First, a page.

7. In September, 2005, a U.S. District Court ruled that a man who alleged that a police officer searched a state license plate database to obtain his personal information for improper non-law enforcement reasons was entitled to have his claim under the Driver’s Privacy Protection Act (“DPPA”) heard by a jury. DPPA was passed by Congress to limit the release of personal driver information contained in motor vehicle records. According to the federal court, police department policy prohibits the disclosure of nonpublic personal information by the Department of Motor Vehicles, a policy of which the defendant police officer was aware. The court held that DPPA protects not only against the wrongful dissemination of private information, but also against the wrongful acquisition of that information, and permitted the case to be heard by a jury.
8. Also in September, 2005, a federal court ordered a permanent halt to an operation that used spam to make false claims for human growth hormone products and diet patches that did not provide the results claimed. The FTC filed legal charges against an Australian company that the FTC alleged was responsible for a large amount of spam in the U.S. The court ordered the company to disgorge over $2,000,000 in what it classified as ill-gotten profits.
9. A potentially significant case to watch involves ChoicePoint, Inc. ChoicePoint is one of the U.S. companies that suffered a security breach early in 2005. It is a data warehousing corporation and provides personal consumer information to businesses for a fee. Thieves posing as small businesses were able to obtain access to the personal information of more than 145,000 of its files. To date, at least 750 people were the victims of fraud arising out of this data security breach. A class action lawsuit was filed in California on behalf of all of the consumers whose information was disclosed. The suit seeks to prevent similar disclosures in the future and to recover damages. Its stated claims include common law negligence, noncompliance by ChoicePoint with the federal Fair Credit Reporting Act; a claim based upon ChoicePoint’s violation of the California Consumer Reporting Agencies Act, and claims based upon a violation of the plaintiffs’ privacy rights. The plaintiffs seek compensatory damages, statutory damages that could run $145,000 million, and punitive damages.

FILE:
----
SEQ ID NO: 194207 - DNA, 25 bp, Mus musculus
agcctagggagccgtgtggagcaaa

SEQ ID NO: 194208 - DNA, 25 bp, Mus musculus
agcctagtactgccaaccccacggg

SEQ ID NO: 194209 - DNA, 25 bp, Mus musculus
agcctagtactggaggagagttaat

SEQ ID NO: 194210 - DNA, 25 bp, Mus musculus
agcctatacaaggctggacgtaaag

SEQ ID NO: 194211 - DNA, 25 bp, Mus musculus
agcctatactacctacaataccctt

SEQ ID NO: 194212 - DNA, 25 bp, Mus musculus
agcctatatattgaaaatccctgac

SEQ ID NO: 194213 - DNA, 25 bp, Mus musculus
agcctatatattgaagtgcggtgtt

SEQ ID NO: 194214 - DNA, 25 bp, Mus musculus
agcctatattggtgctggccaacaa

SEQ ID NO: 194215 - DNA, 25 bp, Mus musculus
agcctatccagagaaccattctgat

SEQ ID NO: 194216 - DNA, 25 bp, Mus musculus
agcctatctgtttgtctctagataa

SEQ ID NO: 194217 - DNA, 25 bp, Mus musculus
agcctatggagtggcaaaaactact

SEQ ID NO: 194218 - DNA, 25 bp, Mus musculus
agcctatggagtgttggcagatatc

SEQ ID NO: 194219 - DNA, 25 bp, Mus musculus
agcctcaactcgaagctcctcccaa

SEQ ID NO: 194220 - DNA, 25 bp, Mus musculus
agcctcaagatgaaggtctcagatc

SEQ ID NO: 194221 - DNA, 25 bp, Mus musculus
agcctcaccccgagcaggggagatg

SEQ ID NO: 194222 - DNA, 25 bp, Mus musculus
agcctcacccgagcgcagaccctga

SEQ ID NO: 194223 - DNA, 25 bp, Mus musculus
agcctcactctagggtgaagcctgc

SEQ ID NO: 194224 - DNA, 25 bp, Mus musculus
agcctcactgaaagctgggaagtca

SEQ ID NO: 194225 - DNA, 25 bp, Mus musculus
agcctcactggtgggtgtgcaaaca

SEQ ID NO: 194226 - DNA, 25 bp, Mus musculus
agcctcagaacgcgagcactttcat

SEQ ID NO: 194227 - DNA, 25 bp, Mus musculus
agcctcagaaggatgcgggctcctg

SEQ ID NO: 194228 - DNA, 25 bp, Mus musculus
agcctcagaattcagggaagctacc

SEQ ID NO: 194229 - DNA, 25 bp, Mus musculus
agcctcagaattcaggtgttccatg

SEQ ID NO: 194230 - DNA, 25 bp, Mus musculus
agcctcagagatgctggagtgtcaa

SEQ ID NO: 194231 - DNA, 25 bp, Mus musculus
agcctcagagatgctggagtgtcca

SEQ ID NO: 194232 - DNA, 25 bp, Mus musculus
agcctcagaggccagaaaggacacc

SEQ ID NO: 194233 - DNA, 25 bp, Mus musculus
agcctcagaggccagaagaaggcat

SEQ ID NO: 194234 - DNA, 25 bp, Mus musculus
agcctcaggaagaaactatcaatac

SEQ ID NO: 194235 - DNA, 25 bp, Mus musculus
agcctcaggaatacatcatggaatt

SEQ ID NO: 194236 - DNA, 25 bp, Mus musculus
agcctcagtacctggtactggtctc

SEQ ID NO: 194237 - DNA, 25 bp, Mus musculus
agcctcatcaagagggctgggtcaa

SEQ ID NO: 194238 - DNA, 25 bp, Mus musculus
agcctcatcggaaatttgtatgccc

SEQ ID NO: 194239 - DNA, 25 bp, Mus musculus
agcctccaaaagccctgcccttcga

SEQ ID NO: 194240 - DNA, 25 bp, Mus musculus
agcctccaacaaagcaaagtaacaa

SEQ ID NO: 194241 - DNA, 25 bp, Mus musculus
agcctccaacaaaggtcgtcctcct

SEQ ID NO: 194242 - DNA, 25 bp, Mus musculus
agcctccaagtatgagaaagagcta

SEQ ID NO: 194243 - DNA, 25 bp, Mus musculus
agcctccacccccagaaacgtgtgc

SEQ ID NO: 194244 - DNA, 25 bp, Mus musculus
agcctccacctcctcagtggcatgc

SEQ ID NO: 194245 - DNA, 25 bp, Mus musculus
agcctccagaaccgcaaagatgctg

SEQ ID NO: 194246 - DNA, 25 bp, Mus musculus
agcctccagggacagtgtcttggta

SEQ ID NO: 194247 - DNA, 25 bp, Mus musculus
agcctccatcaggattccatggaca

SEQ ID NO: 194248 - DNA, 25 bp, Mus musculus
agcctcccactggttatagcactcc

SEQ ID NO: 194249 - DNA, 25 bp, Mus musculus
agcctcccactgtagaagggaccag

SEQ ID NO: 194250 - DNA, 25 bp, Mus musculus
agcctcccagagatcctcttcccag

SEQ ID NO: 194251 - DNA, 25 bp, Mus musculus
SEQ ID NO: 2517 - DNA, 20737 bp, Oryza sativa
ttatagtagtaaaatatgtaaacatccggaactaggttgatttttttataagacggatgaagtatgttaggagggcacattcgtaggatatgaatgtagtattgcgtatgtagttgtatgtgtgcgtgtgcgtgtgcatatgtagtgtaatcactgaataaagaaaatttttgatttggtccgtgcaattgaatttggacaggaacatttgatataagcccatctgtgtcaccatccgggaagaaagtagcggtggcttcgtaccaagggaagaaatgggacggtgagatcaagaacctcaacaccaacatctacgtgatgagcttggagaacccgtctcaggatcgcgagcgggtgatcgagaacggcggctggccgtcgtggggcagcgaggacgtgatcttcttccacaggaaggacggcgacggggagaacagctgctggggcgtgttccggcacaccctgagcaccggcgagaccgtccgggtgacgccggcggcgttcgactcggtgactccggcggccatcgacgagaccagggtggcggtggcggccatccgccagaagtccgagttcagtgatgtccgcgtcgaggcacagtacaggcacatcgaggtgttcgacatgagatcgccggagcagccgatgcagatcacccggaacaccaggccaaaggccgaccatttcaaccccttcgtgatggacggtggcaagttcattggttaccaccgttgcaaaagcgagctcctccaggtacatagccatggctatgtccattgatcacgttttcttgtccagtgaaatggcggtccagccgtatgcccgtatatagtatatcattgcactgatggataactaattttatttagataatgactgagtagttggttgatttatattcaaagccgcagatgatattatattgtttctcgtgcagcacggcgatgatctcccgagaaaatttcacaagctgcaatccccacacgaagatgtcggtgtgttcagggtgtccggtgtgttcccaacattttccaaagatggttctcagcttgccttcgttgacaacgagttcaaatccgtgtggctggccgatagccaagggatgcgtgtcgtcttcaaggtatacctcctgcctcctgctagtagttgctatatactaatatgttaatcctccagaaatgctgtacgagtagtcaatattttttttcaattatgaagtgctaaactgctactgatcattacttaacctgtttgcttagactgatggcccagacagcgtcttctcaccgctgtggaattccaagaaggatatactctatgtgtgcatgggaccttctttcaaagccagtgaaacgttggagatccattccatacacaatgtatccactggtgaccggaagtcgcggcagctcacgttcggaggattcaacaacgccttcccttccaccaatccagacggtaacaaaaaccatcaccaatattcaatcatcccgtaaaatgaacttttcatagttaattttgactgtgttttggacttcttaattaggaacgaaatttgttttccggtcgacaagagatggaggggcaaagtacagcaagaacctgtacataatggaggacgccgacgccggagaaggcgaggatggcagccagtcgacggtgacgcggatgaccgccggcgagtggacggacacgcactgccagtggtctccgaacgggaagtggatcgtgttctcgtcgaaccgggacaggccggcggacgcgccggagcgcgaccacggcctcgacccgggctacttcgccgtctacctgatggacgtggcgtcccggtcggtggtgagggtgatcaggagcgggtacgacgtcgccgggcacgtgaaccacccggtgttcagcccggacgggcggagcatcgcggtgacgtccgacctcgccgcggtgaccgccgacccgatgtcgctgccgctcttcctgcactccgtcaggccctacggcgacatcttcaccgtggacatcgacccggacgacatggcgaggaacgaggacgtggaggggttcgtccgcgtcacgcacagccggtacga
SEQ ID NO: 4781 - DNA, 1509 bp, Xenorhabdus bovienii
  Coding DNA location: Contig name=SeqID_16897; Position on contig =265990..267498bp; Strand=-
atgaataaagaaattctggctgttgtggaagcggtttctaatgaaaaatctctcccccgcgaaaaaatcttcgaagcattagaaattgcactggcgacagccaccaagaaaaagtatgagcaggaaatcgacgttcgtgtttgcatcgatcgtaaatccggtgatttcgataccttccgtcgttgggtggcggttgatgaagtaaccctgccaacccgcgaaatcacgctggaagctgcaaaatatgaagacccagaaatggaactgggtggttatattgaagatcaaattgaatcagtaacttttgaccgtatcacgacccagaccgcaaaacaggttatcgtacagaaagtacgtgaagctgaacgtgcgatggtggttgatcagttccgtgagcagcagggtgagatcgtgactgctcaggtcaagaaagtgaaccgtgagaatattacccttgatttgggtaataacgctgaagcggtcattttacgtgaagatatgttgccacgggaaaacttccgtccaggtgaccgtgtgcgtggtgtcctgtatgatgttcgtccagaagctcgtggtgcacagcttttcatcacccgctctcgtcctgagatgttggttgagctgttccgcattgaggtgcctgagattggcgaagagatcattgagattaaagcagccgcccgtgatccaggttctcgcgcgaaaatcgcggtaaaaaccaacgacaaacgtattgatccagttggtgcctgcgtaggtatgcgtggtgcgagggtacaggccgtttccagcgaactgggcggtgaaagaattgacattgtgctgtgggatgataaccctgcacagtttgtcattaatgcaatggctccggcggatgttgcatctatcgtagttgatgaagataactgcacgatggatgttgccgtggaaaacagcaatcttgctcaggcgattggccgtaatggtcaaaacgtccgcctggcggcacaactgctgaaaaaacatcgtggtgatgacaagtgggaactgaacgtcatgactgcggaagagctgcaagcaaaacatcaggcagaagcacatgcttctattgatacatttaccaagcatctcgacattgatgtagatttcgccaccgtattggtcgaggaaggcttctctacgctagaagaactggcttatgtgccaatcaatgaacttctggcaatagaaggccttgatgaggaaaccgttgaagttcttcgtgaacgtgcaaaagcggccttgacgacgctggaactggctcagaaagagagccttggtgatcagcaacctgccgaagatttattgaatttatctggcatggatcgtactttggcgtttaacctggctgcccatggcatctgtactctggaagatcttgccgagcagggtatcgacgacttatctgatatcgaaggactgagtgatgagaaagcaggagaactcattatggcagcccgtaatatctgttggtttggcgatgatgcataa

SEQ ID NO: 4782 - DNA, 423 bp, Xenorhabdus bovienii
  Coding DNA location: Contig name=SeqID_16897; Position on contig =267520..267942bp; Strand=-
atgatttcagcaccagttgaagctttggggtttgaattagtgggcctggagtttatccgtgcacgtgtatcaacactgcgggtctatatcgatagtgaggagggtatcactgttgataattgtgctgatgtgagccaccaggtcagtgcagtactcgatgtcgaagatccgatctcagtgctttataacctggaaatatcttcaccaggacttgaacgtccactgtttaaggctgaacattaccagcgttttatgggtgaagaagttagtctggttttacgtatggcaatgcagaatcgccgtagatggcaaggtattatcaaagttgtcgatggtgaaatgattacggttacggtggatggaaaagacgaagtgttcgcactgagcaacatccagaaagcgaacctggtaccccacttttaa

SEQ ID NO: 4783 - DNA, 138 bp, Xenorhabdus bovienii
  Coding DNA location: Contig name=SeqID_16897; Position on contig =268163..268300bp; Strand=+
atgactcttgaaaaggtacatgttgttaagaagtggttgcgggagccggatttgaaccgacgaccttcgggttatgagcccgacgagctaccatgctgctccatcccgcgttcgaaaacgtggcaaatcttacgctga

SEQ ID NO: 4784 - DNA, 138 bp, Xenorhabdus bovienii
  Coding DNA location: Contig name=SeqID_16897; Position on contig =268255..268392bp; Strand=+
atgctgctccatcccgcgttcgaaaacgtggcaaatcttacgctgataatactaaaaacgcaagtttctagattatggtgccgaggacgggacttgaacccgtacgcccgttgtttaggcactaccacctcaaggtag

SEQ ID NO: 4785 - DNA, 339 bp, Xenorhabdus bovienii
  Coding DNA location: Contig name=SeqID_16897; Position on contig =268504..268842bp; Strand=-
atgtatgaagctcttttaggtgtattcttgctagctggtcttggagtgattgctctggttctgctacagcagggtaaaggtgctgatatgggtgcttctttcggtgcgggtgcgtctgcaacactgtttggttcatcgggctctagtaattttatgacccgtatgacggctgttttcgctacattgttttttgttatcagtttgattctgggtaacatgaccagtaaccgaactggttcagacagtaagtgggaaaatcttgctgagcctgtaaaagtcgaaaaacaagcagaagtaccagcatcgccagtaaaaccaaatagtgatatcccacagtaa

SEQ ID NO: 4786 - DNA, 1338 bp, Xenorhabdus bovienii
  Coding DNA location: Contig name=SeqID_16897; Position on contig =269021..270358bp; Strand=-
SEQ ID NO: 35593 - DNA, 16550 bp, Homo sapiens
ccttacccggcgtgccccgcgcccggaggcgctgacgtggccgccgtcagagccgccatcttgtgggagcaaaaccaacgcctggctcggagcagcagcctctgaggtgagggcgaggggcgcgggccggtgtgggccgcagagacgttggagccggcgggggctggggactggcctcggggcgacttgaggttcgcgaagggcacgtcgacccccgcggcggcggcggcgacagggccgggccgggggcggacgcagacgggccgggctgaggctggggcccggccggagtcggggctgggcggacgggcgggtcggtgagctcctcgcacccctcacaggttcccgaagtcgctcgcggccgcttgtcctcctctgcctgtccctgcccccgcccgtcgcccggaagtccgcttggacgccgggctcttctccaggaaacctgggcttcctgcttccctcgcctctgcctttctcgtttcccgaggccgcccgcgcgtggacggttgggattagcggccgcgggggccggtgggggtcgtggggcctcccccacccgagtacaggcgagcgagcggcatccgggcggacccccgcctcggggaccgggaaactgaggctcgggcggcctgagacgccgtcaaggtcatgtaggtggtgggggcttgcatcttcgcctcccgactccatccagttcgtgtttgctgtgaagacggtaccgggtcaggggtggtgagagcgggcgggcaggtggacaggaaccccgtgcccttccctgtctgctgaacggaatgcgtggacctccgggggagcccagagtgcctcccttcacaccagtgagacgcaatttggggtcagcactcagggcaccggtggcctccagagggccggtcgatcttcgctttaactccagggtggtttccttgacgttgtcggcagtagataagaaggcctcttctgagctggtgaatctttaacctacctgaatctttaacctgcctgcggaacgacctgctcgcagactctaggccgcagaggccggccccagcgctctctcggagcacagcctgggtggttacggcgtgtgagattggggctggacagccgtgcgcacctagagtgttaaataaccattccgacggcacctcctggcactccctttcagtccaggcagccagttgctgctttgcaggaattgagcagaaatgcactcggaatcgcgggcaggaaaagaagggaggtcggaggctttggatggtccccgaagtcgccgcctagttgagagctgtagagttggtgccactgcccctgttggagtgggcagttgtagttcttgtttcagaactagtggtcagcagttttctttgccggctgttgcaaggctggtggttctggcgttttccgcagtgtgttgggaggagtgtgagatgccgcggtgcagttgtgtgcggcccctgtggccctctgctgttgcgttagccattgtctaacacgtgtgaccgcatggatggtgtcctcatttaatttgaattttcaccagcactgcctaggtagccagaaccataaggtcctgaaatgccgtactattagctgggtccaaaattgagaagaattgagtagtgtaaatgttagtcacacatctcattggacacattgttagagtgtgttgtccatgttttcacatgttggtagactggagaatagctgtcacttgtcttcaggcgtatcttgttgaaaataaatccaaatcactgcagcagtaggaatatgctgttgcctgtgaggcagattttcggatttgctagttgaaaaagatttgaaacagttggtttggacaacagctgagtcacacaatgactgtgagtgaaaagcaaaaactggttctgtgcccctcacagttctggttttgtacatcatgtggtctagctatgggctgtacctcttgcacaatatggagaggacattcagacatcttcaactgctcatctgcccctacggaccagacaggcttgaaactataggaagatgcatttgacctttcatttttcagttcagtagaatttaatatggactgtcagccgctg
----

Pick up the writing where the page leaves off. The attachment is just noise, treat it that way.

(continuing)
Additionally, ChoicePoint recently settled data security breach charges brought by the Federal Trade Commission arising out of the same security breach. It has agreed to pay $10 million in civil penalties and $5 million in consumer redress, and is required to implement new procedures to ensure that it provides consumer reports only to legitimate businesses for lawful purposes, as well as a comprehensive information security program. It is also required to obtain audits by an independent third-party security professional every other year until 2026.
10. California continues to be the most proactive state on privacy protection issues. Federal courts have wrestled with the issue of whether the provisions of the federal Fair Credit Reporting Act preempt conflicting provisions of contained in the affiliate customer information sharing restrictions of the California Financial Information Privacy Act (SB1). The net result of the decisions was a victory for affiliated companies that make a practice of sharing customer information. These companies are not subject to SB1 requirement that they provide customers with notice and the opportunity to opt out of the sharing of any information with their affiliates. The ability to share applies to the following types of information: 1) consumer report information, including credit scores, as well as application information used for eligibility purposes; 2) transaction and experience information, whether or not it is used for “eligibility purposes;” and 3) other information that is neither consumer report information nor transaction and experience information, such as demographic information which cannot and is not used for eligibility purposes. Institutions must still comply with the Fair Credit Reporting Act’s notice and opt-out requirements for sharing consumer report information.